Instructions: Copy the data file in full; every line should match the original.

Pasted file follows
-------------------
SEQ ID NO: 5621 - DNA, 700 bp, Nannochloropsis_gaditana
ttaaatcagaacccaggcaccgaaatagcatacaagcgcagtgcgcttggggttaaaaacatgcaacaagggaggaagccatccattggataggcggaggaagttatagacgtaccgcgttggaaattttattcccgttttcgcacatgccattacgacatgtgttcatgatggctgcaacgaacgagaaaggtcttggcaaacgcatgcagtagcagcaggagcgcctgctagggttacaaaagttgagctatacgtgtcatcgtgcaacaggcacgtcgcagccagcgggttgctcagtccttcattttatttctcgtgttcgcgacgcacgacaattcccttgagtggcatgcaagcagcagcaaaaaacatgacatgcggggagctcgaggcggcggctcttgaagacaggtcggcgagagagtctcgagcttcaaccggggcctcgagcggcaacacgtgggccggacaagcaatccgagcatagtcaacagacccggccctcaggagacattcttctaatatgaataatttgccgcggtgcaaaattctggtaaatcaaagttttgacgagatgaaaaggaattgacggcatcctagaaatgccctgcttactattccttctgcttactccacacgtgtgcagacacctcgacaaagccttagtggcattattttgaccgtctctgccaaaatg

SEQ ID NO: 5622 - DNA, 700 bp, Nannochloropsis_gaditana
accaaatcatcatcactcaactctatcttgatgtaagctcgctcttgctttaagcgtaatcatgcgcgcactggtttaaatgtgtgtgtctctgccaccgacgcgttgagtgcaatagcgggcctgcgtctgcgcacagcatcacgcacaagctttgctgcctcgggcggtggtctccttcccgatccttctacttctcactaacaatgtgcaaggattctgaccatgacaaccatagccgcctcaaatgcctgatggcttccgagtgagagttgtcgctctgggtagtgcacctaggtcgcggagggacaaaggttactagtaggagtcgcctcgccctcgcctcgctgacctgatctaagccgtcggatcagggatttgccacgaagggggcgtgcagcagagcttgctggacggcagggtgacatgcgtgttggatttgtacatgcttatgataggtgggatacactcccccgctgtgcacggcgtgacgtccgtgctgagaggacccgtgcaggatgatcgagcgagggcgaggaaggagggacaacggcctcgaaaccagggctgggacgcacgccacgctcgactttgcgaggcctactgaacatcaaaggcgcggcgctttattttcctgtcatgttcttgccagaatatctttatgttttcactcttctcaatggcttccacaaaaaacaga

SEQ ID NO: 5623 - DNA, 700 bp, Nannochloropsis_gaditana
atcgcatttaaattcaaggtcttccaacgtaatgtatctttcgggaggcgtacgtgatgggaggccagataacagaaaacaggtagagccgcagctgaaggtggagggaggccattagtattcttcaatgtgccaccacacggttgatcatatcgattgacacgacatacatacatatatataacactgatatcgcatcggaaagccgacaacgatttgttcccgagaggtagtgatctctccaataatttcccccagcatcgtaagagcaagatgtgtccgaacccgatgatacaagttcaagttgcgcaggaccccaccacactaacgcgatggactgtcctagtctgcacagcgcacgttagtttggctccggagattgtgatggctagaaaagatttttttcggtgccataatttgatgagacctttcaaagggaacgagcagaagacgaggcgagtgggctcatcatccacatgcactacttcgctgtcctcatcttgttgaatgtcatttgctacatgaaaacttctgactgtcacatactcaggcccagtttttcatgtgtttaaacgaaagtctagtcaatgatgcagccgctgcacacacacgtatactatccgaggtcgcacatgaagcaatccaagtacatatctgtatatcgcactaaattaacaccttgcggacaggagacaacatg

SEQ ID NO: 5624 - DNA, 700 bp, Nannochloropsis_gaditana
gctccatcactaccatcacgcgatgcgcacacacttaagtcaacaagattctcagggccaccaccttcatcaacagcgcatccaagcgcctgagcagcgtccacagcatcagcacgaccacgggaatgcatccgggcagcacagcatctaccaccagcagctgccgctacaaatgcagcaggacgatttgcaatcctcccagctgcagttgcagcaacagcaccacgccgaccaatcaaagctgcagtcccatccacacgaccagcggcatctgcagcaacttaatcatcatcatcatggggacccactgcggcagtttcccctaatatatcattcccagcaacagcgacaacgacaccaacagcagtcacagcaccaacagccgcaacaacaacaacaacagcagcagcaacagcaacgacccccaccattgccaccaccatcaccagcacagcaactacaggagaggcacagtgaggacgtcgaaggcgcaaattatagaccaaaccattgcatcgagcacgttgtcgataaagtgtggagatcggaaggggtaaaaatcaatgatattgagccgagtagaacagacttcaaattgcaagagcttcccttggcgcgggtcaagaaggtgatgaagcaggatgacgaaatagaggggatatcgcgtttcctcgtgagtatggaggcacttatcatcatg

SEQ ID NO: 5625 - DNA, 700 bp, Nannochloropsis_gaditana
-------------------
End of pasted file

SEQ ID NO: 5621 - DNA, 700 bp, Nannochloropsis_gaditana
ttaaatcagaacccaggcaccgaaatagcatacaagcgcagtgcgcttggggttaaaaacatgcaacaagggaggaagccatccattggataggcggaggaagttatagacgtaccgcgttggaaattttattcccgttttcgcacatgccattacgacatgtgttcatgatggctgcaacgaacgagaaaggtcttggcaaacgcatgcagtagcagcaggagcgcctgctagggttacaaaagttgagctatacgtgtcatcgtgcaacaggcacgtcgcagccagcgggttgctcagtccttcattttatttctcgtgttcgcgacgcacgacaattcccttgagtggcatgcaagcagcagcaaaaaacatgacatgcggggagctcgaggcggcggctcttgaagacaggtcggcgagagagtctcgagcttcaaccggggcctcgagcggcaacacgtgggccggacaagcaatccgagcatagtcaacagacccggccctcaggagacattcttctaatatgaataatttgccgcggtgcaaaattctggtaaatcaaagttttgacgagatgaaaaggaattgacggcatcctagaaatgccctgcttactattccttctgcttactccacacgtgtgcagacacctcgacaaagccttagtggcattattttgaccgtctctgccaaaatg

SEQ ID NO: 5622 - DNA, 700 bp, Nannochloropsis_gaditana
accaaatcatcatcactcaactctatcttgatgtaagctcgctcttgctttaagcgtaatcatgcgcgcactggtttaaatgtgtgtgtctctgccaccgacgcgttgagtgcaatagcgggcctgcgtctgcgcacagcatcacgcacaagctttgctgcctcgggcggtggtctccttcccgatccttctacttctcactaacaatgtgcaaggattctgaccatgacaaccatagccgcctcaaatgcctgatggcttccgagtgagagttgtcgctctgggtagtgcacctaggtcgcggagggacaaaggttactagtaggagtcgcctcgccctcgcctcgctgacctgatctaagccgtcggatcagggatttgccacgaagggggcgtgcagcagagcttgctggacggcagggtgacatgcgtgttggatttgtacatgcttatgataggtgggatacactcccccgctgtgcacggcgtgacgtccgtgctgagaggacccgtgcaggatgatcgagcgagggcgaggaaggagggacaacggcctcgaaaccagggctgggacgcacgccacgctcgactttgcgaggcctactgaacatcaaaggcgcggcgctttattttcctgtcatgttcttgccagaatatctttatgttttcactcttctcaatggcttccacaaaaaacaga

SEQ ID NO: 5623 - DNA, 700 bp, Nannochloropsis_gaditana
atcgcatttaaattcaaggtcttccaacgtaatgtatctttcgggaggcgtacgtgatgggaggccagataacagaaaacaggtagagccgcagctgaaggtggagggaggccattagtattcttcaatgtgccaccacacggttgatcatatcgattgacacgacatacatacatatatataacactgatatcgcatcggaaagccgacaacgatttgttcccgagaggtagtgatctctccaataatttcccccagcatcgtaagagcaagatgtgtccgaacccgatgatacaagttcaagttgcgcaggaccccaccacactaacgcgatggactgtcctagtctgcacagcgcacgttagtttggctccggagattgtgatggctagaaaagatttttttcggtgccataatttgatgagacctttcaaagggaacgagcagaagacgaggcgagtgggctcatcatccacatgcactacttcgctgtcctcatcttgttgaatgtcatttgctacatgaaaacttctgactgtcacatactcaggcccagtttttcatgtgtttaaacgaaagtctagtcaatgatgcagccgctgcacacacacgtatactatccgaggtcgcacatgaagcaatccaagtacatatctgtatatcgcactaaattaacaccttgcggacaggagacaacatg

SEQ ID NO: 5624 - DNA, 700 bp, Nannochloropsis_gaditana
gctccatcactaccatcacgcgatgcgcacacacttaagtcaacaagattctcagggccaccaccttcatcaacagcgcatccaagcgcctgagcagcgtccacagcatcagcacgaccacgggaatgcatccgggcagcacagcatctaccaccagcagctgccgctacaaatgcagcaggacgatttgcaatcctcccagctgcagttgcagcaacagcaccacgccgaccaatcaaagctgcagtcccatccacacgaccagcggcatctgcagcaacttaatcatcatcatcatggggacccactgcggcagtttcccctaatatatcattcccagcaacagcgacaacgacaccaacagcagtcacagcaccaacagccgcaacaacaacaacaacagcagcagcaacagcaacgacccccaccattgccaccaccatcaccagcacagcaactacaggagaggcacagtgaggacgtcgaaggcgcaaattatagaccaaaccattgcatcgagcacgttgtcgataaagtgtggagatcggaaggggtaaaaatcaatgatattgagccgagtagaacagacttcaaattgcaagagcttcccttggcgcgggtcaagaaggtgatgaagcaggatgacgaaatagaggggatatcgcgtttcctcgtgagtatggaggcacttatcatcatg

SEQ ID NO: 5625 - DNA, 700 bp, Nannochloropsis_gaditana